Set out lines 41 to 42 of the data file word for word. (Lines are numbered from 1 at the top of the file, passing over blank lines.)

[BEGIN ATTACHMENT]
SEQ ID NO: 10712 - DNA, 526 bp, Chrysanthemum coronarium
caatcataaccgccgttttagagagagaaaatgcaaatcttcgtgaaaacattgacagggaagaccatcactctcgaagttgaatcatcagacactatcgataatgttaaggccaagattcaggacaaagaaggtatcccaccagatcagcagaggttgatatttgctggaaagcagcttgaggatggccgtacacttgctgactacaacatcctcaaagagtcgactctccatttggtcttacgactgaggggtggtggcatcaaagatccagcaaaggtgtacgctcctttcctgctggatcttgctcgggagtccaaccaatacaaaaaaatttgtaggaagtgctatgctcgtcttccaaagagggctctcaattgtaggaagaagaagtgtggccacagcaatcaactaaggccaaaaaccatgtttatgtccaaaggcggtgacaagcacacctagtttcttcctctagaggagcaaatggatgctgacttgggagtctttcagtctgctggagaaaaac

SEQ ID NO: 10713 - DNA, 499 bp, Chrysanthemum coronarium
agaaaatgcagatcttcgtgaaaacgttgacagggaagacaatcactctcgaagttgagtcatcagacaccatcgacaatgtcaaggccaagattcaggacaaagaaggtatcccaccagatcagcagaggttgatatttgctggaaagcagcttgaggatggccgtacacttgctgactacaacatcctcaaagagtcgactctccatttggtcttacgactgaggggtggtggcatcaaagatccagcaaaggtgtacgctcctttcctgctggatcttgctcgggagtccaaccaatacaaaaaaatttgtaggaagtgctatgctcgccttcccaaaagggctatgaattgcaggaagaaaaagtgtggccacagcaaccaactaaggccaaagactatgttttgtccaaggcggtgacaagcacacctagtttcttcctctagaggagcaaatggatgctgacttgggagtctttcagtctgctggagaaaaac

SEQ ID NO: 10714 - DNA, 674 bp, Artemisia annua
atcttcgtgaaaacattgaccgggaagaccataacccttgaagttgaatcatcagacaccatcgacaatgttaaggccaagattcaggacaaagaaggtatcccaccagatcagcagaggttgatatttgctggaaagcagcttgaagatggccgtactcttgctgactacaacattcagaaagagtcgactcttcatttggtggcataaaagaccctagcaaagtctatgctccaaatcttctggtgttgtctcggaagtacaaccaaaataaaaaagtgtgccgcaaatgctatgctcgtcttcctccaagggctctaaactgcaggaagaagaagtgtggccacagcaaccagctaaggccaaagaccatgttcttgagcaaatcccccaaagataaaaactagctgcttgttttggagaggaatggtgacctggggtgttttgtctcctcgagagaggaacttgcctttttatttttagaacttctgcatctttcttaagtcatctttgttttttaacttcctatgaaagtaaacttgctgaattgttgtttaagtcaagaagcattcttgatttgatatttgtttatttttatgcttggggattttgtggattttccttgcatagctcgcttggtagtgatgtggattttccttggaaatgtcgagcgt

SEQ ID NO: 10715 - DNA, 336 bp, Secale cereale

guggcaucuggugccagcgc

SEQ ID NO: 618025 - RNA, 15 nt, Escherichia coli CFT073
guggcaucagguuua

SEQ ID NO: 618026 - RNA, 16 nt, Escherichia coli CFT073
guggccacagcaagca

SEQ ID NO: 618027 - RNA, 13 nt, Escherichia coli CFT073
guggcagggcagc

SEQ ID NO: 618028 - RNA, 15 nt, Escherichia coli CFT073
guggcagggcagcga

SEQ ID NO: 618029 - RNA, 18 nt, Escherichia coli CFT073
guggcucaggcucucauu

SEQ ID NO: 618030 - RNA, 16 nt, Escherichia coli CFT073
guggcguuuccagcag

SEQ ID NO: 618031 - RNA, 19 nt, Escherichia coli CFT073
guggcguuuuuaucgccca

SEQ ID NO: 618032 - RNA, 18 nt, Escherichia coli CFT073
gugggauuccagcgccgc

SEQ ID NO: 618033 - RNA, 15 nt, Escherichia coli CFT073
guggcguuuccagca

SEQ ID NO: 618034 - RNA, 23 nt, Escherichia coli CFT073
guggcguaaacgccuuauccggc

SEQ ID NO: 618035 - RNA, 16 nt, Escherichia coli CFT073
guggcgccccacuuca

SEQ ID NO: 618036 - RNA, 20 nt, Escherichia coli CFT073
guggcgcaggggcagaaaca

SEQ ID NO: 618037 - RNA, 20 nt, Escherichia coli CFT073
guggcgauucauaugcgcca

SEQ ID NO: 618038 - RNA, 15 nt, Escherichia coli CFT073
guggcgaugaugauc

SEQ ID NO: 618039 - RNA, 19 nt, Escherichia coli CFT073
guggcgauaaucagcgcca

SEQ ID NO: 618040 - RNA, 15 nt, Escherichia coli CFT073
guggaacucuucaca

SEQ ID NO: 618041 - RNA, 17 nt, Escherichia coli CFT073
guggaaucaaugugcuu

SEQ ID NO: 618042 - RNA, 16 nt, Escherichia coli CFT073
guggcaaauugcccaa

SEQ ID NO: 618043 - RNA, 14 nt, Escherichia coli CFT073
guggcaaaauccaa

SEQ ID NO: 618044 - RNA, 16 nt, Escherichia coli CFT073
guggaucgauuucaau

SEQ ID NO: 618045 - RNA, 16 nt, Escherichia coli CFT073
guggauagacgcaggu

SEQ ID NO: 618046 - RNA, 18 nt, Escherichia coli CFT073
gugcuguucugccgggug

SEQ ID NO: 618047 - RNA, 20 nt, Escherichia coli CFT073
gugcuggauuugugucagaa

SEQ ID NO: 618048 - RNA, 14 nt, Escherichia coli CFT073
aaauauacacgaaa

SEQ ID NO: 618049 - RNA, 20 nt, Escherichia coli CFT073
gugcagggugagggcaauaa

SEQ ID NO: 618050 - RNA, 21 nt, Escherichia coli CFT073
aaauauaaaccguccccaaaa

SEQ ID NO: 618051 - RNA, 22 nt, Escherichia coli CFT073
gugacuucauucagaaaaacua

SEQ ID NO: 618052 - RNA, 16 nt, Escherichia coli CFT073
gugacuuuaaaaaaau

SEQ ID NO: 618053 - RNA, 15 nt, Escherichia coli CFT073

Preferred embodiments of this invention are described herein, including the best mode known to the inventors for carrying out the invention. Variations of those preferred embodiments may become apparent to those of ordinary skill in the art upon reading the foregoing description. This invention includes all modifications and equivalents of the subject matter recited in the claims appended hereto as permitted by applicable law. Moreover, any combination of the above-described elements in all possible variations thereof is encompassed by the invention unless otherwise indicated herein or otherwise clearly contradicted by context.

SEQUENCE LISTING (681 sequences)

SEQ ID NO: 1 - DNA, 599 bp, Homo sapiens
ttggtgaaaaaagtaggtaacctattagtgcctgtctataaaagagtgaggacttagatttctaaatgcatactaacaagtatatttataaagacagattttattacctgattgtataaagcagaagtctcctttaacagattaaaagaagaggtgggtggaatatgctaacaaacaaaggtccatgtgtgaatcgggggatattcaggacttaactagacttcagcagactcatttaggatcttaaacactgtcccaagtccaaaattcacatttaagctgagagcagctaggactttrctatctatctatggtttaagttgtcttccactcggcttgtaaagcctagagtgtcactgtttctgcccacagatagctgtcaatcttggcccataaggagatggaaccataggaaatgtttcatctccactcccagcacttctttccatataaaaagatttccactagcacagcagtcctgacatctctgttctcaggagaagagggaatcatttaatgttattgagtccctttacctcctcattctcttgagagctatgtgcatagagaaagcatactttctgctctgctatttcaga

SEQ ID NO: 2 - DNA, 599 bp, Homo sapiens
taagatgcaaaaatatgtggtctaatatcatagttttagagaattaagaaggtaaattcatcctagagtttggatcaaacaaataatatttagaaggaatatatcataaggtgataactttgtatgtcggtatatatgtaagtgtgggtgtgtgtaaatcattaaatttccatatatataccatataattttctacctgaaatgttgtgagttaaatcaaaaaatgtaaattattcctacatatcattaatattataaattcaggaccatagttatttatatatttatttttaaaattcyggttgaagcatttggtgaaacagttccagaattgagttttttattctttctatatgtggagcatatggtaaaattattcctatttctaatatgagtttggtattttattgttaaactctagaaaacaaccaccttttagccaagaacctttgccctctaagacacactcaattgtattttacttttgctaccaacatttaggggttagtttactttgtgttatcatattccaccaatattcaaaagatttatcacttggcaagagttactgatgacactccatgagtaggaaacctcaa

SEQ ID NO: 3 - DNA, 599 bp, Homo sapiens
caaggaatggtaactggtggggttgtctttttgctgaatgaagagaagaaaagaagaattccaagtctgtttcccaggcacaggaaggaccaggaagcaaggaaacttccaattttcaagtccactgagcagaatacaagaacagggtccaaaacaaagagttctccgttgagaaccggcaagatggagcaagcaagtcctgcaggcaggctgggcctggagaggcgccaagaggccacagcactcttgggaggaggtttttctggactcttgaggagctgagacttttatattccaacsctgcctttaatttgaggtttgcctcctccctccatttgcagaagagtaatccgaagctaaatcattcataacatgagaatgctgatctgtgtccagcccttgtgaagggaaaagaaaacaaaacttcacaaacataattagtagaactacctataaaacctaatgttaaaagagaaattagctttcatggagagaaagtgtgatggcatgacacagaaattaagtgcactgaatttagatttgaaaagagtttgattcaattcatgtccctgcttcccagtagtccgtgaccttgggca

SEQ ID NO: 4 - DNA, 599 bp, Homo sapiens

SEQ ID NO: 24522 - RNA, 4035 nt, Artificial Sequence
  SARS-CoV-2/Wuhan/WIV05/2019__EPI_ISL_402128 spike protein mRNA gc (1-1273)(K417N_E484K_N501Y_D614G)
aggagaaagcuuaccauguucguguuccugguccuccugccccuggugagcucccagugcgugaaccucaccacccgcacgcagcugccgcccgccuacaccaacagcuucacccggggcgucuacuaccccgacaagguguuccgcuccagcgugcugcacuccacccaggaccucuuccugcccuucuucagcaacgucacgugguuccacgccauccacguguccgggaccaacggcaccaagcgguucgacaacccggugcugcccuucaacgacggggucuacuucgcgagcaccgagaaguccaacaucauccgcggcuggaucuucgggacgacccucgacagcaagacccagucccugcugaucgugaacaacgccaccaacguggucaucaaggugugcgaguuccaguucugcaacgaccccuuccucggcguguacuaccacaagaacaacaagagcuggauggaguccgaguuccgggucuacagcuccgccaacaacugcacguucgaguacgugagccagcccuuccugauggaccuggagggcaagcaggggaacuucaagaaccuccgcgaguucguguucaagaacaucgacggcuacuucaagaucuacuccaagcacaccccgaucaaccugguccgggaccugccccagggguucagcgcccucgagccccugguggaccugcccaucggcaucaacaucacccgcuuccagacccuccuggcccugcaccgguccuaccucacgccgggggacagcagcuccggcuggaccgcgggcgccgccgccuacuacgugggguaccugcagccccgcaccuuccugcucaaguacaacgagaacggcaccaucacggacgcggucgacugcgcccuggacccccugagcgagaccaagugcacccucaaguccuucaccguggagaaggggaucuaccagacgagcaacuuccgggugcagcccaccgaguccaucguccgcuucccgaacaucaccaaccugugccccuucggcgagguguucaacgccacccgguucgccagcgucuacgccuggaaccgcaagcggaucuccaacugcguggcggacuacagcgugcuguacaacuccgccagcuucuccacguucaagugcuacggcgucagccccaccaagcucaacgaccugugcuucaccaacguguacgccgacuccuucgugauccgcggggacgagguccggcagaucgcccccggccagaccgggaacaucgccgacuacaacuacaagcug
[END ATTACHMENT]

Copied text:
SEQ ID NO: 618041 - RNA, 17 nt, Escherichia coli CFT073
guggaaucaaugugcuu